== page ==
Walsall stewarding criticised

The stewarding at Walsall Football Club has come in for criticism from away fans following an incident at the end of Saturday’s game with Barnsley.

A video has emerged on Twitter which appeared to show an officious steward attempting to prevent  Barnsley midfielder Alex Mowatt celebrating with jubilant supporters after the final whistle in the Tykes dramatic late victory over the Saddlers at the Banks’s Stadium.

During a tense game, exuberant Barnsley supporters had already thrown a flare inside the stadium and also encroached on the pitch.

However, while these incidents may have heightened the tension, this is not the first time such an occurrence has taken place at Walsall at full-time, with supporters posting something similar after Doncaster Rovers 4-1 victory over the Saddlers in September.

Luton Town fans also complained of heavy-handed treatment after a stoppage-time equaliser secured the Hatters a 2-2 draw in the West Midlands at the end of December.


Our View

In light of recent high profile incidents, stewarding at matches has recently rightly come under increased scrutiny.

It is undoubtedly a difficult job, especially when passion and excitement are running high amongst fans celebrating significant results away from home.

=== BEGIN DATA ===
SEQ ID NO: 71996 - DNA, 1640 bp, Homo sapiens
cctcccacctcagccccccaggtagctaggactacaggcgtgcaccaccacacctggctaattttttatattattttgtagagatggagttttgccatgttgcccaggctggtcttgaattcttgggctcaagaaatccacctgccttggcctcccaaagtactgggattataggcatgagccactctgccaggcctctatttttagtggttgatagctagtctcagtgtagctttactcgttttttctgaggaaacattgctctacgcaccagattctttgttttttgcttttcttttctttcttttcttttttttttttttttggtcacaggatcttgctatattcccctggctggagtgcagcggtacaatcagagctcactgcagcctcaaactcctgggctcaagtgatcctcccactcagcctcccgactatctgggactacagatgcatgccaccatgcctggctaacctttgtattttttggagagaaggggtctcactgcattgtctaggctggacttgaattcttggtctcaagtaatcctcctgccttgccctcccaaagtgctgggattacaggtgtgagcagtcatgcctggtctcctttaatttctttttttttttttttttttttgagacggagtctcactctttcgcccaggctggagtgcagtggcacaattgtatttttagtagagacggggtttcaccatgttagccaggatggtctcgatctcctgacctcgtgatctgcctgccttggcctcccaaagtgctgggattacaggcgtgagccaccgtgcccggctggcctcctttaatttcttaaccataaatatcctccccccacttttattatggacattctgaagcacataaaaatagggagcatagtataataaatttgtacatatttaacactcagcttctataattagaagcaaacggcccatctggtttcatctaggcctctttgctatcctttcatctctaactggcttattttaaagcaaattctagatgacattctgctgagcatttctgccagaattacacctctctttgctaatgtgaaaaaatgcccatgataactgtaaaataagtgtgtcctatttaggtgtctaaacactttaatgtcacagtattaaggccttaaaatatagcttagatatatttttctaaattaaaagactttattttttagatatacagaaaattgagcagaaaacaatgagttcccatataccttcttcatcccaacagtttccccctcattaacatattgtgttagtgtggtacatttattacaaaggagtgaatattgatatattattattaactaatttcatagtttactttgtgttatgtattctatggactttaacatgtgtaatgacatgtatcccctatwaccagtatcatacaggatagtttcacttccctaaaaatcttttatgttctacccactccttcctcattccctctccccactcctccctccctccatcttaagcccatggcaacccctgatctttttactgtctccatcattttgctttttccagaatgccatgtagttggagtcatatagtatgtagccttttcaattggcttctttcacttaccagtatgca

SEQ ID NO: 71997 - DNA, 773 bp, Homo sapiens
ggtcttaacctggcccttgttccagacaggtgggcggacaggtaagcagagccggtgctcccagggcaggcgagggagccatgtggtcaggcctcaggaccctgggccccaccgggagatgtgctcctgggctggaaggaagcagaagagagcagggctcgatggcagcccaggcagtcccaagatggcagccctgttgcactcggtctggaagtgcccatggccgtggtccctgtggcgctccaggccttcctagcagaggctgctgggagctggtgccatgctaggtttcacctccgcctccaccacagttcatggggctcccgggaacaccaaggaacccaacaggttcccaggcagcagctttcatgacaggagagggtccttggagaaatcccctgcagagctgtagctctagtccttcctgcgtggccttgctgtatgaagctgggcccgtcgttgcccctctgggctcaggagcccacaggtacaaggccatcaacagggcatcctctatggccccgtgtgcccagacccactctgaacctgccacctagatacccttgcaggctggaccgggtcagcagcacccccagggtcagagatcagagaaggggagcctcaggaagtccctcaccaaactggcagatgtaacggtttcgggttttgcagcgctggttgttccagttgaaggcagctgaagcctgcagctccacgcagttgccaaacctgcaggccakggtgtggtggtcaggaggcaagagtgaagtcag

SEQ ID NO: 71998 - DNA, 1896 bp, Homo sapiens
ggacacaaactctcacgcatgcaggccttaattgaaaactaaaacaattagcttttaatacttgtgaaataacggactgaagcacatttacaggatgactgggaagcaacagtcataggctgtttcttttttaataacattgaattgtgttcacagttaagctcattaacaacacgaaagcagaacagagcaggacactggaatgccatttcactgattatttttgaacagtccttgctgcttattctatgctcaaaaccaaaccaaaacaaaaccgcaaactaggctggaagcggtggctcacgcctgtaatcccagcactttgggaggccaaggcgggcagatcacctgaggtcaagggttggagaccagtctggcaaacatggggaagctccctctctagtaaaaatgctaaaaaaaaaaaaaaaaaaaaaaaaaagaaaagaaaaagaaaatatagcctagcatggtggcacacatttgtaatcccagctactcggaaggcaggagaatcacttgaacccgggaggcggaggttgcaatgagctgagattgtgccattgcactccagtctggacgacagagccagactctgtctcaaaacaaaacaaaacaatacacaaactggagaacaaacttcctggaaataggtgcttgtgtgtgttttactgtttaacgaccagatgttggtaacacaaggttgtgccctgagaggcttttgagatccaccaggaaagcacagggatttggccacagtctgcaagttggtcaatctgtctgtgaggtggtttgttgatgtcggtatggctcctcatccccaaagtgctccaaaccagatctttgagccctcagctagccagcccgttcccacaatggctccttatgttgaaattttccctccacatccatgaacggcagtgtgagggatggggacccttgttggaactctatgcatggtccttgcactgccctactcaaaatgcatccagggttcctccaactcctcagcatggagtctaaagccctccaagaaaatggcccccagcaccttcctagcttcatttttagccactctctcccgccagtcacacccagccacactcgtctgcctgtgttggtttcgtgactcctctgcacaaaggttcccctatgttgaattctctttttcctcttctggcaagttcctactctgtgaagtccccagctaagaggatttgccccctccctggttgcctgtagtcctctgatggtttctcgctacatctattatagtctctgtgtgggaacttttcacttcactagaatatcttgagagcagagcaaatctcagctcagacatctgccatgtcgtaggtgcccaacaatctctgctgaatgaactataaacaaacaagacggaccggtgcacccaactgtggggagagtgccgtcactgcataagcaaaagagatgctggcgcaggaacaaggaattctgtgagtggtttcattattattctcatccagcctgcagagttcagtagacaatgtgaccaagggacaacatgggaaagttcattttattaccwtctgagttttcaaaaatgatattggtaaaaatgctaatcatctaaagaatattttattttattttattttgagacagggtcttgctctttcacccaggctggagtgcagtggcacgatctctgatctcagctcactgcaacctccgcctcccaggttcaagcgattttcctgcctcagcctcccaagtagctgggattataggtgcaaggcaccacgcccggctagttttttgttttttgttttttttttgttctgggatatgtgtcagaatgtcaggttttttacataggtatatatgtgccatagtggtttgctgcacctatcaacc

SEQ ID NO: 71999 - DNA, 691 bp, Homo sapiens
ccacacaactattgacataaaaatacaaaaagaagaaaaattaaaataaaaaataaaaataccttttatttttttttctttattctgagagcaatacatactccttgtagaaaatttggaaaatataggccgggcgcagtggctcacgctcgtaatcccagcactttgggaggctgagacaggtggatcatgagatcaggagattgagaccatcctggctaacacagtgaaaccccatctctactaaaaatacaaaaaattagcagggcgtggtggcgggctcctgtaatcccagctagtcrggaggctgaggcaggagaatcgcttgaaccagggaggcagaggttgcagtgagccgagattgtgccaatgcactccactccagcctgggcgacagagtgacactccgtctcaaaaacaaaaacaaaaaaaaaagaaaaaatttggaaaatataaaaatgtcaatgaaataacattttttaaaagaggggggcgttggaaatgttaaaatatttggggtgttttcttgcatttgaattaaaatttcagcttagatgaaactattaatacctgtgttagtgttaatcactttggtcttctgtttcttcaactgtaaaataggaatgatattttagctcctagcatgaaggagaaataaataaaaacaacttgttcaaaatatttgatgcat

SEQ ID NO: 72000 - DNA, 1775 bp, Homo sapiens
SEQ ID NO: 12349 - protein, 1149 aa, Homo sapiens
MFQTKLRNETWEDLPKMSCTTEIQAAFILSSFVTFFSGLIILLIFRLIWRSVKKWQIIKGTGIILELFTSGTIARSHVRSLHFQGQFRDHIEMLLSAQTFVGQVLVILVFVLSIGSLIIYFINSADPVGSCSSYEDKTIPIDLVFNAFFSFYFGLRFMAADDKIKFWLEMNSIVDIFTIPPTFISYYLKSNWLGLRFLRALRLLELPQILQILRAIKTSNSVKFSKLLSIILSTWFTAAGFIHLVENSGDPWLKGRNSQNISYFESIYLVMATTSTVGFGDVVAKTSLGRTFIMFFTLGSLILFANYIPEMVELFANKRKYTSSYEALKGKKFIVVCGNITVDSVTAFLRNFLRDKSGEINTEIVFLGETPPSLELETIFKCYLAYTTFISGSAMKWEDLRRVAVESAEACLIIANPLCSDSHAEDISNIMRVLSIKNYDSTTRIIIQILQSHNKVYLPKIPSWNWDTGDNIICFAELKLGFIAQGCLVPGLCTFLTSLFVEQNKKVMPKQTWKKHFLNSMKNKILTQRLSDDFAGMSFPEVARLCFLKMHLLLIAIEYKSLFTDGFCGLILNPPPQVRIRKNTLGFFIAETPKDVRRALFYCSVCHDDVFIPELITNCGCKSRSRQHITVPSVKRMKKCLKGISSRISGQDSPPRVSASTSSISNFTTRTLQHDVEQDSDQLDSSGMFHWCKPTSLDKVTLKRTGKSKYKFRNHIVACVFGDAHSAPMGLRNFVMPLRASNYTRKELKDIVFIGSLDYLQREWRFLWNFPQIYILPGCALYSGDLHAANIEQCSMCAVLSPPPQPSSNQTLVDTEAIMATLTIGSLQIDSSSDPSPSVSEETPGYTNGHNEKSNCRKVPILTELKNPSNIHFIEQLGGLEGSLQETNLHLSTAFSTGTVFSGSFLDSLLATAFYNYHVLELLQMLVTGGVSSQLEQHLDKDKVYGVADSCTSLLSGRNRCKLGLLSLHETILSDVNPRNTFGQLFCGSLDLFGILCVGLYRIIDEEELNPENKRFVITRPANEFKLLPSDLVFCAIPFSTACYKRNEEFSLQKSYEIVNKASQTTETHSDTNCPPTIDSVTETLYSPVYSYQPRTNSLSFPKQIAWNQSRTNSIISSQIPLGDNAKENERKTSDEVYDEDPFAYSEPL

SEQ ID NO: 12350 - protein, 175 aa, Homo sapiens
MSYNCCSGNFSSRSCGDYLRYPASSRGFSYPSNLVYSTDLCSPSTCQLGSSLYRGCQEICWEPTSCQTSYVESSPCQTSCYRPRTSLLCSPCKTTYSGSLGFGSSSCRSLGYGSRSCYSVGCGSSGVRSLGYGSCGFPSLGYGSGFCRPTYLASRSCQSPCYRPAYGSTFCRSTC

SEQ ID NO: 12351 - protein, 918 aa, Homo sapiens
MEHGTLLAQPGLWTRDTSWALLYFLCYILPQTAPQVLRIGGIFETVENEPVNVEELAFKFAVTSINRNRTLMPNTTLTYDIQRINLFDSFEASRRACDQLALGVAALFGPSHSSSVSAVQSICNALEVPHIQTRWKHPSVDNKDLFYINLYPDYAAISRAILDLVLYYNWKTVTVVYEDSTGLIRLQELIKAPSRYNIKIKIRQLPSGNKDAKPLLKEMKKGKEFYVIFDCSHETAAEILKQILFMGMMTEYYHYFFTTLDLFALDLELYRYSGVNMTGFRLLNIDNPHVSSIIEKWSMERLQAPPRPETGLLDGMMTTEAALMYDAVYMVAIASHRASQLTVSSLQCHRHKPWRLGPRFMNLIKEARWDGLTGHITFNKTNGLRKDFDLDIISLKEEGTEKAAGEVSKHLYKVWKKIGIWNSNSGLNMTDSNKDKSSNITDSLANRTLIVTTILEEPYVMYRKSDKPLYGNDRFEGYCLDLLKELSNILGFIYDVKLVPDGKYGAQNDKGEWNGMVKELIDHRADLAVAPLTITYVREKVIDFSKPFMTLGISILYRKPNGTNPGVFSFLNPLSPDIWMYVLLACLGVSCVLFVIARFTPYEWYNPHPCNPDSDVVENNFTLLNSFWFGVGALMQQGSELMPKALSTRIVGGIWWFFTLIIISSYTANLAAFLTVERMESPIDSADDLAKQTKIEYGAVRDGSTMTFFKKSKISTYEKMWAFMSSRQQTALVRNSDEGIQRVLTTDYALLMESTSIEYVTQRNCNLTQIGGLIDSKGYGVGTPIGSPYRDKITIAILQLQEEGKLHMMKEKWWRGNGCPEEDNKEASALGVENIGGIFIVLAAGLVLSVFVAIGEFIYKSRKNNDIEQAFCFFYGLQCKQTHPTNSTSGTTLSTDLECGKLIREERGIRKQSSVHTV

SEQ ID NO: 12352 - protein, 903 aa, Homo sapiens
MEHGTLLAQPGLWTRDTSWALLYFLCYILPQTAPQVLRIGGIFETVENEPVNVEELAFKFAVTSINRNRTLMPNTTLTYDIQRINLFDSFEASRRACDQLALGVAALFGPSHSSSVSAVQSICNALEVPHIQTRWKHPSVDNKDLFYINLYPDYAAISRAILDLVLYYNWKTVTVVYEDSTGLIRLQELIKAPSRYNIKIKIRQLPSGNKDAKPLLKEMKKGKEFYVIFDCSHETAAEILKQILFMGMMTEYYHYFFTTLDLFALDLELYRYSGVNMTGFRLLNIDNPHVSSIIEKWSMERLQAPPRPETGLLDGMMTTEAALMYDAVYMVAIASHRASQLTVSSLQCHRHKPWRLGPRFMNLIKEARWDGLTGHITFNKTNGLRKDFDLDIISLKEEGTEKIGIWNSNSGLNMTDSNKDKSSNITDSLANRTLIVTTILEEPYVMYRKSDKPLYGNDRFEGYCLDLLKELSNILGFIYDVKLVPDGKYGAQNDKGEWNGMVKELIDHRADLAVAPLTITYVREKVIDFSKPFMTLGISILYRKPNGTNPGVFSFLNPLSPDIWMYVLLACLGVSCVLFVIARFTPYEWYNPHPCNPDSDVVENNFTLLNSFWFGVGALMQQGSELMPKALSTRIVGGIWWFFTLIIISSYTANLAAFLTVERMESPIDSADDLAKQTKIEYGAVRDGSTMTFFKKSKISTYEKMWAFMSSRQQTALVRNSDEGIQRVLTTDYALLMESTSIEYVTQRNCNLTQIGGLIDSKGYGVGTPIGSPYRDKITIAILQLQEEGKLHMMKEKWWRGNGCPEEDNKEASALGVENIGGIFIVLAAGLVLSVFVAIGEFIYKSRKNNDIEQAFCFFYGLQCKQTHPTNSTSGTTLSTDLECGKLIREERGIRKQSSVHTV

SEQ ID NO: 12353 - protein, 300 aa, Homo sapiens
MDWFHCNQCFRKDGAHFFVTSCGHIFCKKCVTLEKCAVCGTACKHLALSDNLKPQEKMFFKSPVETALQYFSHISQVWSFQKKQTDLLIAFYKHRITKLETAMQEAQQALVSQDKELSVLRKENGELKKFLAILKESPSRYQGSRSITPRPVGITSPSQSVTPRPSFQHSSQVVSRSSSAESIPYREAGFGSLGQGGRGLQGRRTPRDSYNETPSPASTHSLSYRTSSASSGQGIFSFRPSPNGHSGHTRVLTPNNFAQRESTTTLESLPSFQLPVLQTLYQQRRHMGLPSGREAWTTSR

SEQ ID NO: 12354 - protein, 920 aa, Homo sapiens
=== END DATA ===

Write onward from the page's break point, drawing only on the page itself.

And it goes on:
However, most fans complaints around stewarding relate to a lack of common sense and the weak reading of situations and this would appear to be a case in point at Walsall.

In my experience, having travelled the length and breadth of the country supporting my team since the mid-eighties, heavy-handed stewarding can often inflame rather than defuse a situation.

It is also true that friendly stewarding often enhances the atmosphere rather than enabling it to spiral out of control.

I don’t know enough about the context of the incidents to offer a definitive opinion, but there does appear to be a pattern emerging at Walsall which is unfortunate. 

It is a pattern that may exacerbate the problem because travelling fans know which grounds have bad reputations and tend to enter those stadiums in a different and perhaps less jovial frame of mind than they would otherwise enter grounds with a friendly reputation.

 

 

 

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